Small Bites

Scully’s: Paige Scully was among the many Asheville residents frustrated by not having “a great burger place downtown,” but one of the few to do something about it. She recently overhauled the menu at her namesake bar and grill with an eye toward becoming that very place. Scully’s now features 10 burger options, including burgers made from turkey, crab, shrimp and bison.

A better burger: A hemp-nut burger with goat cheese, avocado and sprouts—one of 10 burger offerings now at Scully’s. Photo by Jonathan Welch

“My favorite is the hemp-nut burger with goat cheese, avocado and sprouts,” Scully says. “It’s delicious.”

The new menu also includes classic beef burger preparations, such as mushroom Swiss and cordon bleu, as well as pita wraps, homemade soups and the same steak the downtown restaurant has always served.

“We were going to take the steak off, but people really wanted it,” Scully says. “Don’t panic, we’ve got the steak. Our menu that was there is still there, but we focused it.”

Working with her manager and kitchen crew, Scully also tweaked the menu to incorporate more local foods and hormone-free, antibiotic-free meats and cheeses.

“It’s food with a conscience, I guess,” Scully says. “I haven’t really figured out what to call it.”

Scully’s kitchen is open every day from noon till 1 a.m. To learn more, call 251-8880. 

Tailgate Markets: Grab your recycled cloth tote: the region’s tailgate markets are opening for another season. While opening dates vary for Western North Carolina’s 40 markets (find the complete list at www.buyappalachian.org), two central Asheville markets—the North Asheville Tailgate Market and Asheville’s City Market—will be back in business come Saturday, Apr. 18. The City Market plans to celebrate with live music and cooking demonstrations at 10 and 11 a.m. Appalachian Sustainable Agriculture Project spokeswoman Rose McLarney says shoppers should expect to see “asparagus, peas, spinach, lettuce, kale, bok choy, arugula, onions, mushrooms and radishes” for sale on opening day.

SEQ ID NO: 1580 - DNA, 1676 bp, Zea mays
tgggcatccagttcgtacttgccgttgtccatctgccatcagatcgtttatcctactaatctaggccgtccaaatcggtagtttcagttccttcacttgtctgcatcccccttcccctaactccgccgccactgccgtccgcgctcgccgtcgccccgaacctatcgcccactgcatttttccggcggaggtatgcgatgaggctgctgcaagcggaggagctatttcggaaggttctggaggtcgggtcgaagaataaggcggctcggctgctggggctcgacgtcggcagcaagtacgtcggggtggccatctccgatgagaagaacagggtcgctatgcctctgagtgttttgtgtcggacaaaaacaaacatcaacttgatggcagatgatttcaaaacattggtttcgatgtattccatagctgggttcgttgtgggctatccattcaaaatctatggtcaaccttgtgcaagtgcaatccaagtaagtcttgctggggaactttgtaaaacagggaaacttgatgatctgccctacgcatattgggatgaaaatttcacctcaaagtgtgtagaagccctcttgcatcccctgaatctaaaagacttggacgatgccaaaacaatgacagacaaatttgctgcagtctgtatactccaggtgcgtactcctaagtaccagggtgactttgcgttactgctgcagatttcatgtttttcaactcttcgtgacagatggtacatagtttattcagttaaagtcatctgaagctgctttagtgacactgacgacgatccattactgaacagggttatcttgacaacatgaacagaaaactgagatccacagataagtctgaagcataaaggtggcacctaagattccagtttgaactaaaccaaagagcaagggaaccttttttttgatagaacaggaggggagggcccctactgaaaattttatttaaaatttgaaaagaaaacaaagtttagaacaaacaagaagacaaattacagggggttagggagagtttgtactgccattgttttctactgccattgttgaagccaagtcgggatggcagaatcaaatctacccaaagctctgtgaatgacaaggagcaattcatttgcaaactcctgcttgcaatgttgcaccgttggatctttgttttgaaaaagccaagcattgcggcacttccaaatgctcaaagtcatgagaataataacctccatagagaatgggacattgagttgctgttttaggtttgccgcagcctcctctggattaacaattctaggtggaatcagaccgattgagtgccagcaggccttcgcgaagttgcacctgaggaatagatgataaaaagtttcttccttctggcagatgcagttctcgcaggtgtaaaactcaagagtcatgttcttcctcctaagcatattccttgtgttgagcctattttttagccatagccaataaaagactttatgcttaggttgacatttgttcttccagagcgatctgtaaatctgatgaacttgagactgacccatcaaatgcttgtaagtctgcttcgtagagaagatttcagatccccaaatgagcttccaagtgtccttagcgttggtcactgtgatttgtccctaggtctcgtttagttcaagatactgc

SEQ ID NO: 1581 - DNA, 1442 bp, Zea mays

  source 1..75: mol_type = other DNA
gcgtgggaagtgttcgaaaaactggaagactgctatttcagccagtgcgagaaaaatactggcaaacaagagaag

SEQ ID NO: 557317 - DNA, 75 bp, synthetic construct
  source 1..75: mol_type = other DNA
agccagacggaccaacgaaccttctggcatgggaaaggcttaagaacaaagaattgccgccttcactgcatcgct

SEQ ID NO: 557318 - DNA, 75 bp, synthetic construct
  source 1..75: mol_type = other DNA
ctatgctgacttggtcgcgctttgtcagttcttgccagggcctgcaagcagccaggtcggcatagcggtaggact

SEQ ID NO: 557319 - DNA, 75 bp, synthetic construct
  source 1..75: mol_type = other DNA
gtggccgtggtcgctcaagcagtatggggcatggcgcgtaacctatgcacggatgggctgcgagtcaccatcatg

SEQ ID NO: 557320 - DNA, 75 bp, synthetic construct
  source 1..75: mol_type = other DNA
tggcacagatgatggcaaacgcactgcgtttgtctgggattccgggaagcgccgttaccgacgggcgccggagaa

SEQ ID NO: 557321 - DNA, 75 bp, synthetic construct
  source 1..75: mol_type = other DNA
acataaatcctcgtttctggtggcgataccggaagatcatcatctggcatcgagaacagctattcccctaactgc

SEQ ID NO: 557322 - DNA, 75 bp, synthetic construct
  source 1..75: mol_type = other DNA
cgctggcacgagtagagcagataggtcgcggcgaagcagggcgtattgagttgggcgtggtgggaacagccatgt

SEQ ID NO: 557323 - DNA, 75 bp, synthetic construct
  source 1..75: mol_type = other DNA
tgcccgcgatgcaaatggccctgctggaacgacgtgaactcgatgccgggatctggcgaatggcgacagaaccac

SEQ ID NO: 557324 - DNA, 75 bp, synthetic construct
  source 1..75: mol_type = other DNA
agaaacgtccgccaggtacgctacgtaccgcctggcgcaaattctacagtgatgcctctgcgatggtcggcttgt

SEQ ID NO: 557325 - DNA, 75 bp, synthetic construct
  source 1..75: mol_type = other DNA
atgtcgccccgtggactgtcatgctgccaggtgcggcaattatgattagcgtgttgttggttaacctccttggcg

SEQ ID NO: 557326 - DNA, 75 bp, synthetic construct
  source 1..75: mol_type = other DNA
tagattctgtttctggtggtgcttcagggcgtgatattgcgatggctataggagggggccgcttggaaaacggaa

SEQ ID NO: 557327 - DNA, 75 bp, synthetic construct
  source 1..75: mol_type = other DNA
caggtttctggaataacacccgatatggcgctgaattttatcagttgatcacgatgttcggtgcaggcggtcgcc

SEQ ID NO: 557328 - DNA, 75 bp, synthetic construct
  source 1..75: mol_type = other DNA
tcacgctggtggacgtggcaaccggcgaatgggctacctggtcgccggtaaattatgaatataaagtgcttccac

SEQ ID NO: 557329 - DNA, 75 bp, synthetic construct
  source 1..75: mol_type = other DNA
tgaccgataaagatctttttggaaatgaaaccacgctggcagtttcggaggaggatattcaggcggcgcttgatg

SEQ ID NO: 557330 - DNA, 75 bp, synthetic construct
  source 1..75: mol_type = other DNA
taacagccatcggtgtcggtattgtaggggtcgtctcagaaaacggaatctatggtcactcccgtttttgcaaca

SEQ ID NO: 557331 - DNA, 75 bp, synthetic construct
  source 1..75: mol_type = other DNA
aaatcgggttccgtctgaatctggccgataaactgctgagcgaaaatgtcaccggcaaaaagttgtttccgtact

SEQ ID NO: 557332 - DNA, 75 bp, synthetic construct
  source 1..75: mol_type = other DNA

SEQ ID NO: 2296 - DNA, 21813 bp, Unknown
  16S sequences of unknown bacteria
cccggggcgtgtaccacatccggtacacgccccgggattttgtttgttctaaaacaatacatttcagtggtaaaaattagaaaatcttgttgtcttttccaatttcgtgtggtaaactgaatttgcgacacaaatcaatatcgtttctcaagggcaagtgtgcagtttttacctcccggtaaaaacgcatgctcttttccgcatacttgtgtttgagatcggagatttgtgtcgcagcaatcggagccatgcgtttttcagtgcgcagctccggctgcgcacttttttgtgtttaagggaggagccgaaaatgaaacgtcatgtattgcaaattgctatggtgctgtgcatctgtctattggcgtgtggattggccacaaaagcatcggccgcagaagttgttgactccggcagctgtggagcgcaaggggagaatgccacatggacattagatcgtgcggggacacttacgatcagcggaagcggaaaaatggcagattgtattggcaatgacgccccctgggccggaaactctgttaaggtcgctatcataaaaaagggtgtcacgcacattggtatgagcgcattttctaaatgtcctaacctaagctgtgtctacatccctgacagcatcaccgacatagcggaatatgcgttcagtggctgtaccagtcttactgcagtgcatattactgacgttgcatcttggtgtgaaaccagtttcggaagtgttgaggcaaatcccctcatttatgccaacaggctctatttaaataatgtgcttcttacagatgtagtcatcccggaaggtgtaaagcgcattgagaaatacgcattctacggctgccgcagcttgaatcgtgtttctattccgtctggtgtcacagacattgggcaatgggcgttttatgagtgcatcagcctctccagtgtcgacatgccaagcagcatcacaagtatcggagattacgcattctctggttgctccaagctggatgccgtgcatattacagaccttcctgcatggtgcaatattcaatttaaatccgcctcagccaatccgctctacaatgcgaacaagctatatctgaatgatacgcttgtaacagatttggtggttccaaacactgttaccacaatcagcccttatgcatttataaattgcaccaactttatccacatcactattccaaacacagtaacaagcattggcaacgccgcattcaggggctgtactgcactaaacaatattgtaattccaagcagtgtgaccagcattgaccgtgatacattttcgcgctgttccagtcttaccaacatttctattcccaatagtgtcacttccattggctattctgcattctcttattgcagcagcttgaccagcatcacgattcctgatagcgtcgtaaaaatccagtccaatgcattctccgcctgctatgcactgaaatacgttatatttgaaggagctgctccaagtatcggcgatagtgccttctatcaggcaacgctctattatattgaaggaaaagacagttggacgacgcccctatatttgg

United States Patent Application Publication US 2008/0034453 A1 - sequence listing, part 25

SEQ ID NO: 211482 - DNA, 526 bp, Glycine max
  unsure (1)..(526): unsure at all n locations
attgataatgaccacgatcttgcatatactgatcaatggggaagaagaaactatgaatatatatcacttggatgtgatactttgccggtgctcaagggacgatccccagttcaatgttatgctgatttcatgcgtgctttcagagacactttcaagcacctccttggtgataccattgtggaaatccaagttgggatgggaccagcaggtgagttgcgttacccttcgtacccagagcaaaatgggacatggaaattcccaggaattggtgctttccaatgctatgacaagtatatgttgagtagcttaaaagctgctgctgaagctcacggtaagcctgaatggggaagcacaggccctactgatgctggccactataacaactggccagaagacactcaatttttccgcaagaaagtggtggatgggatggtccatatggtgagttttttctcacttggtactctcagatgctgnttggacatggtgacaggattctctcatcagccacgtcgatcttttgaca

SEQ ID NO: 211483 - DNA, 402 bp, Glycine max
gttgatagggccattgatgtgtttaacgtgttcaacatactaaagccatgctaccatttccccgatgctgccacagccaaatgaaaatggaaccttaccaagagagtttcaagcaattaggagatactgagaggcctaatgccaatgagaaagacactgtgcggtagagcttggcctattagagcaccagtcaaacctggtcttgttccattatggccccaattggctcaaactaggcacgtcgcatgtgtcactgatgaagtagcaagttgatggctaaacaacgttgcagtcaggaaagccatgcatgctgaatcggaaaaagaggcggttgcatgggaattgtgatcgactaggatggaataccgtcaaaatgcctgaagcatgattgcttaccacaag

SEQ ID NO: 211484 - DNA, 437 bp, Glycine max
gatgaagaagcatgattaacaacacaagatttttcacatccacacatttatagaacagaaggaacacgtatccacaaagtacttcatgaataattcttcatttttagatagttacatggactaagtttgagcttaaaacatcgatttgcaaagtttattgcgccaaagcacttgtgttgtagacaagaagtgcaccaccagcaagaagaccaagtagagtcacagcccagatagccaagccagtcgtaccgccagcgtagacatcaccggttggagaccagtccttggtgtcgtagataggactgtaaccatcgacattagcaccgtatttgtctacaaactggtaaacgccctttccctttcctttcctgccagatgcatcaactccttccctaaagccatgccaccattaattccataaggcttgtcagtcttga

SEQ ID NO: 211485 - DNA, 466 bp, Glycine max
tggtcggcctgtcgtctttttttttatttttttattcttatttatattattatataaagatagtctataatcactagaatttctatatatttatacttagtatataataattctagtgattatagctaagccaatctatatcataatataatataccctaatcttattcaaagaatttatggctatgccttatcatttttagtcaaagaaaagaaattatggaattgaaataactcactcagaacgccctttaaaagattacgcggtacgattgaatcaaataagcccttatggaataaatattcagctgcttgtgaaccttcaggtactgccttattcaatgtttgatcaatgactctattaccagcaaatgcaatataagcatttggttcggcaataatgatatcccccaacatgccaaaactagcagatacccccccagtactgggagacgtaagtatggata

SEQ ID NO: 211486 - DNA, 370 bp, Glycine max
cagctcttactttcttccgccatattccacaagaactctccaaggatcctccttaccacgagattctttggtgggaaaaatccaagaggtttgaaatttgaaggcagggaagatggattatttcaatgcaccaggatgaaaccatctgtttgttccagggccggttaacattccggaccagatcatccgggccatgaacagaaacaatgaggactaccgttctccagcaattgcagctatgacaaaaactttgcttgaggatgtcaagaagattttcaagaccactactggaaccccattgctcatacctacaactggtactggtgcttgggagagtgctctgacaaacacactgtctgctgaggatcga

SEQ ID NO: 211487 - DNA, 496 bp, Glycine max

Rollin’ Stone Pizza Co.: Pizza delivery has been a fixture of the American food scene for decades, but pizza oven delivery remains a fairly newfangled concept. The mobile pizza oven, which has lately caught on out West, has just recently arrived in Western North Carolina (check out the Xpress’ 2008 review of Giardini in Polk County), with a pair of Black Mountain-based entrepreneurs pushing the notion close to home.

“What we’ve got is the region’s only portable, wood-fired pizza oven,” says Rollin’ Stone Pizza Co.‘s catering director Sam Earnhardt. “It’s fast, fresh and the best pizza you’ve ever had.”

While Rollin’ Stone is currently a catering-only operation, Earnhardt predicts he and executive chef Jon Stephenson will soon expand to delivery and takeout services in Black Mountain.

“Jon is a really good chef, and the only reason I’m going into this business is it makes all the pizza joints around look like Tinkertoys,” says Earnhardt, who’s transitioned from booking bands to booking the oven. “I know that’s a used-car-salesman term, but it’s true.”

Rollin’ Stone pizzas are made with organic flour, fresh meats and six different kinds of cheeses, Earnhardt adds.

The oven will roll into Pisgah Brewing Company most Friday evenings this spring and summer. For more information, call 273-1936.

French Broad Chocolate Lounge: There’s really no good reason to not eat chocolate at French Broad Chocolate Lounge, but the downtown chocolatier has thoughtfully assembled a savory plate for abstainers: According to an e-mail from co-owner Dan Rattigan, the lounge’s menu now includes a plate of four local cheeses, handmade semolina crackers, Theros olive oil, organic pistachios and chutney made from Hendersonville apples.

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